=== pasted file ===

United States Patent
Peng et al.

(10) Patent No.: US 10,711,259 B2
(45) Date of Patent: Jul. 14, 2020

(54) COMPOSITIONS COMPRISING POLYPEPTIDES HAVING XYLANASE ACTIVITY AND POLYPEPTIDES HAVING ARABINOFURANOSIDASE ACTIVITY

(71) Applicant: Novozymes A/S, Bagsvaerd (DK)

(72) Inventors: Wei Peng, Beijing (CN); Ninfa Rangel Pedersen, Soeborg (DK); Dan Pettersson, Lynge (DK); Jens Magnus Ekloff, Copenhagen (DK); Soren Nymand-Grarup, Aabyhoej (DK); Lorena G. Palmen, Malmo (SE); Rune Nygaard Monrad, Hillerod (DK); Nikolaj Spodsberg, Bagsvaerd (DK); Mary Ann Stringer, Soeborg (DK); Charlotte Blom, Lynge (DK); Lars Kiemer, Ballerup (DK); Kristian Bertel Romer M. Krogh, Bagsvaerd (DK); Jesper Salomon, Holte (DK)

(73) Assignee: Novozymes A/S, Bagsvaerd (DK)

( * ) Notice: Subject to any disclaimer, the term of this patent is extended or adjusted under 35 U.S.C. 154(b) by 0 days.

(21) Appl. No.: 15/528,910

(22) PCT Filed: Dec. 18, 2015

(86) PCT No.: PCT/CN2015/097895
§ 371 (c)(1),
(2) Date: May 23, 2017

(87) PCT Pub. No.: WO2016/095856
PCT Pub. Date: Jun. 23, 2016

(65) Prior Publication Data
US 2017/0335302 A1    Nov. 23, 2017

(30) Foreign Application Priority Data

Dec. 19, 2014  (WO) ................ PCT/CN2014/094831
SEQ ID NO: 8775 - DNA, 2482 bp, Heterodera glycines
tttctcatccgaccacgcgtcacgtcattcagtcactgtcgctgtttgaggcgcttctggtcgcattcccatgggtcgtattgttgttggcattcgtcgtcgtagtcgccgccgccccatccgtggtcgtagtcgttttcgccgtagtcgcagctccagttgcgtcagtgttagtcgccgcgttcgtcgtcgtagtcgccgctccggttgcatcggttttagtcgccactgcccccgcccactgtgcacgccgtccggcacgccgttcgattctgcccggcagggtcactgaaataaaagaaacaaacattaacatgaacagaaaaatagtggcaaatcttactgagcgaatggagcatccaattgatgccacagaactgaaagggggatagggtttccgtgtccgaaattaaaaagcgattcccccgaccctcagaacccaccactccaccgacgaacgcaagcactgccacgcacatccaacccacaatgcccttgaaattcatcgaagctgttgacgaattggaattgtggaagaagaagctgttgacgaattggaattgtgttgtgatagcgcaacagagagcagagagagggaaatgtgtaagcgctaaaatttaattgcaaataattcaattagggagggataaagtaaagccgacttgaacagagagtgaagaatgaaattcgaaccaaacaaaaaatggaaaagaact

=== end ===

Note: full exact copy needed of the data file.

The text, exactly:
United States Patent
Peng et al.

(10) Patent No.: US 10,711,259 B2
(45) Date of Patent: Jul. 14, 2020

(54) COMPOSITIONS COMPRISING POLYPEPTIDES HAVING XYLANASE ACTIVITY AND POLYPEPTIDES HAVING ARABINOFURANOSIDASE ACTIVITY

(71) Applicant: Novozymes A/S, Bagsvaerd (DK)

(72) Inventors: Wei Peng, Beijing (CN); Ninfa Rangel Pedersen, Soeborg (DK); Dan Pettersson, Lynge (DK); Jens Magnus Ekloff, Copenhagen (DK); Soren Nymand-Grarup, Aabyhoej (DK); Lorena G. Palmen, Malmo (SE); Rune Nygaard Monrad, Hillerod (DK); Nikolaj Spodsberg, Bagsvaerd (DK); Mary Ann Stringer, Soeborg (DK); Charlotte Blom, Lynge (DK); Lars Kiemer, Ballerup (DK); Kristian Bertel Romer M. Krogh, Bagsvaerd (DK); Jesper Salomon, Holte (DK)

(73) Assignee: Novozymes A/S, Bagsvaerd (DK)

( * ) Notice: Subject to any disclaimer, the term of this patent is extended or adjusted under 35 U.S.C. 154(b) by 0 days.

(21) Appl. No.: 15/528,910

(22) PCT Filed: Dec. 18, 2015

(86) PCT No.: PCT/CN2015/097895
§ 371 (c)(1),
(2) Date: May 23, 2017

(87) PCT Pub. No.: WO2016/095856
PCT Pub. Date: Jun. 23, 2016

(65) Prior Publication Data
US 2017/0335302 A1    Nov. 23, 2017

(30) Foreign Application Priority Data

Dec. 19, 2014  (WO) ................ PCT/CN2014/094831
SEQ ID NO: 8775 - DNA, 2482 bp, Heterodera glycines
tttctcatccgaccacgcgtcacgtcattcagtcactgtcgctgtttgaggcgcttctggtcgcattcccatgggtcgtattgttgttggcattcgtcgtcgtagtcgccgccgccccatccgtggtcgtagtcgttttcgccgtagtcgcagctccagttgcgtcagtgttagtcgccgcgttcgtcgtcgtagtcgccgctccggttgcatcggttttagtcgccactgcccccgcccactgtgcacgccgtccggcacgccgttcgattctgcccggcagggtcactgaaataaaagaaacaaacattaacatgaacagaaaaatagtggcaaatcttactgagcgaatggagcatccaattgatgccacagaactgaaagggggatagggtttccgtgtccgaaattaaaaagcgattcccccgaccctcagaacccaccactccaccgacgaacgcaagcactgccacgcacatccaacccacaatgcccttgaaattcatcgaagctgttgacgaattggaattgtggaagaagaagctgttgacgaattggaattgtgttgtgatagcgcaacagagagcagagagagggaaatgtgtaagcgctaaaatttaattgcaaataattcaattagggagggataaagtaaagccgacttgaacagagagtgaagaatgaaattcgaaccaaacaaaaaatggaaaagaact